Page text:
Project Rebound helps formerly incarcerated gain an education

By Forrest Lee Jones

A popular program is helping formerly incarcerated inmates obtain a college education.

The program called Project Rebound (PR) is based at San Francisco State University. It has a dramatically impressive success rate, reports Emily DeRuy of The Atlantic.

It was started in 1967 by a formerly incarcerated inmate and professor of sociology named John Irwin, said DeRuy.

Irwin’s idea was that when former inmates obtain a college degree, it reduces the chance they will return to prison.

The study also showed a major contrast in graduation rates among PR students compared to university students: 90 percent for PR students and 50 percent for university students.

Jason Bell, who became director of PR in 2005, says the men and women who participate in the program have “a psychological hardiness.” Bell spent his twenties in prison for attempted murder in a brutal fight that turned bad.

Earning a diploma during his high school years was difficult for him. While incarcerated, he continued his education and earned a high school diploma. After earning 25 credits from Ohio University, he paroled and transferred to San Francisco State, where he obtained his bachelor’s and master’s degrees, then became president of PR.

“I knew what it did for me, and I didn’t want to see it fold,” he said of succeeding John Irwin.

The work of Bell and his staff consists of answering correspondence from prisoners, processing applications, setting up an email account for students, teaching students how to submit their work online and providing food vouchers, transportation stipends, and money for books and housing assistance.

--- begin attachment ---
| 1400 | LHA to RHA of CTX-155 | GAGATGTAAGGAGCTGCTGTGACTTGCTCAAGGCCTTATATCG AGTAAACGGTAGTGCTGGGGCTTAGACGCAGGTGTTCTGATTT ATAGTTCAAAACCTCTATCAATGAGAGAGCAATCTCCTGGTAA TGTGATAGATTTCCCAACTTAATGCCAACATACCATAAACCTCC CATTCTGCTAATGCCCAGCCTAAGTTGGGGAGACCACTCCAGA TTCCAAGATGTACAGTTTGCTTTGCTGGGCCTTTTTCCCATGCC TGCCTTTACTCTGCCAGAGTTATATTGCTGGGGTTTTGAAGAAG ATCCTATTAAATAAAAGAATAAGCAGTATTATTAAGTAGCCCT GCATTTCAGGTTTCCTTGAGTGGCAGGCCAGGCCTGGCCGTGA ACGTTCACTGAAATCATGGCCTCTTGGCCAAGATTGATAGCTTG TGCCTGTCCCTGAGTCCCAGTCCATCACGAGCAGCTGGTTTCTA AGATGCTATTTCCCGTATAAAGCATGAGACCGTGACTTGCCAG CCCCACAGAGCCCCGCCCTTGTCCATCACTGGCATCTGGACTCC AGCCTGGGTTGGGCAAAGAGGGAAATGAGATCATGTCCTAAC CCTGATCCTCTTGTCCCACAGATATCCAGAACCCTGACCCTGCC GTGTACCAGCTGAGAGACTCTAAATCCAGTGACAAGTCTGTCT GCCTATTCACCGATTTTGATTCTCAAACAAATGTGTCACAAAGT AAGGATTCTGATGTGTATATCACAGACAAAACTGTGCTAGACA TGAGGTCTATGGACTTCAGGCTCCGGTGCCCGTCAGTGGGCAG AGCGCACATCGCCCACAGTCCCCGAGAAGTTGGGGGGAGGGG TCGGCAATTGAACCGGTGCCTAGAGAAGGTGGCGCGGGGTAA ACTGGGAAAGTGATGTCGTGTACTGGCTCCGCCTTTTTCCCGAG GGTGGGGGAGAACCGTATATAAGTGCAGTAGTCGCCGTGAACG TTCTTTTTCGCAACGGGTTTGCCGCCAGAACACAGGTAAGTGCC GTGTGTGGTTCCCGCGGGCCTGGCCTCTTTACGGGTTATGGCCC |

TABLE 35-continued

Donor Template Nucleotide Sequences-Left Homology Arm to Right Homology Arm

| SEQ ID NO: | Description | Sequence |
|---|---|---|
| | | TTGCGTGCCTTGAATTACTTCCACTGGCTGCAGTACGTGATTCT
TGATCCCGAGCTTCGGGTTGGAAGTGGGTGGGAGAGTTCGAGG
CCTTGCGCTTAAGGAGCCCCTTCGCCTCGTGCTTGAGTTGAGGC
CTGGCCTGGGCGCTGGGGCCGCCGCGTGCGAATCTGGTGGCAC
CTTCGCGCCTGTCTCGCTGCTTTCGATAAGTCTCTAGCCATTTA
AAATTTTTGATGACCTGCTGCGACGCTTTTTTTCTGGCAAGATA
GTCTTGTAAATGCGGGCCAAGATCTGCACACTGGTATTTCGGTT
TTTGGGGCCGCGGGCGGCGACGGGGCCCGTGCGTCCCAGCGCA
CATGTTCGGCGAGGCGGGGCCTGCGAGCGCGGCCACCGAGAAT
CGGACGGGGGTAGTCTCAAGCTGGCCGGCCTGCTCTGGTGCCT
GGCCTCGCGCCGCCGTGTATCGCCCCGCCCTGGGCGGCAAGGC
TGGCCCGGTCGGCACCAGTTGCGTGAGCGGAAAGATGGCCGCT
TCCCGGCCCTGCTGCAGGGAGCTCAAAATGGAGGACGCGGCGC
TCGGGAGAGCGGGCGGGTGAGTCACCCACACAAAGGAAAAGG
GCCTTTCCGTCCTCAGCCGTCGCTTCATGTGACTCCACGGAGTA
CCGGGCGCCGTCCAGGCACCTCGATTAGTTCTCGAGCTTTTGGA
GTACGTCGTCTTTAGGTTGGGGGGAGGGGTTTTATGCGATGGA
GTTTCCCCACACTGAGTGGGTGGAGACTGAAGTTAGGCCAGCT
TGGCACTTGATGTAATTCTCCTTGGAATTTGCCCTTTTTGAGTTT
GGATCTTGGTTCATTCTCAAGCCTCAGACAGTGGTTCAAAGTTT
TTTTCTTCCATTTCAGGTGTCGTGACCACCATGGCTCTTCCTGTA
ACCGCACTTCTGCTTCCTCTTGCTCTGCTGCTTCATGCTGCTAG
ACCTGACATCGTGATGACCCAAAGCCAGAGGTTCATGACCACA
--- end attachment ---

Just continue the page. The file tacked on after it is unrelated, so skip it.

During Bell’s tenure, more than 140 students graduated through PR, and those numbers tend to increase. Currently, Bell is expanding the program to seven other colleges in the California State University system.

The expansion is designed to help reduce California’s 44.6 percent recidivism rate, according to SF State officials. A 2010 study showed only 3 percent of PR participants re-offend, said DeRuy.

Although San Francisco State supports the program, some students believe it would have more success if run by a felony-free person. Joseph Miles, a formerly incarcerated student who is finishing up his senior year through the program, disagrees.

“There’s just no replacing that experience (of incarceration)” Miles says. Students need to trust that the people running the program know what they’ve been through, and it’s important for students to see people with similar backgrounds go on to earn degrees and be successful.

Miles went to prison for selling narcotics in his late 20s and early 30s. He said the program was helpful to him because, “There was a camaraderie here.” After DeRuy’s visit, a spokesman for San Francisco State wrote her an email, saying that the school president has always believed that the mission and goals of PR are best served with a leader who was formerly incarcerated.

Curtis Penn, the new director of PR and a former San Quentin prisoner, added, “When we receive letters from men and women behind the wall who are interested in achieving higher levels of educational attainment, we cannot help but to act with a since of urgency and empathy, as we are them and they are us.”

Bell, nevertheless, believes the program will succeed regardless of any adversity.

Whenever prisoners are offered access to college, he said, “People are lining up around the yard.” The opportunity to actually complete a degree after their release is the logical next step.

“It’s like a new beginning.”

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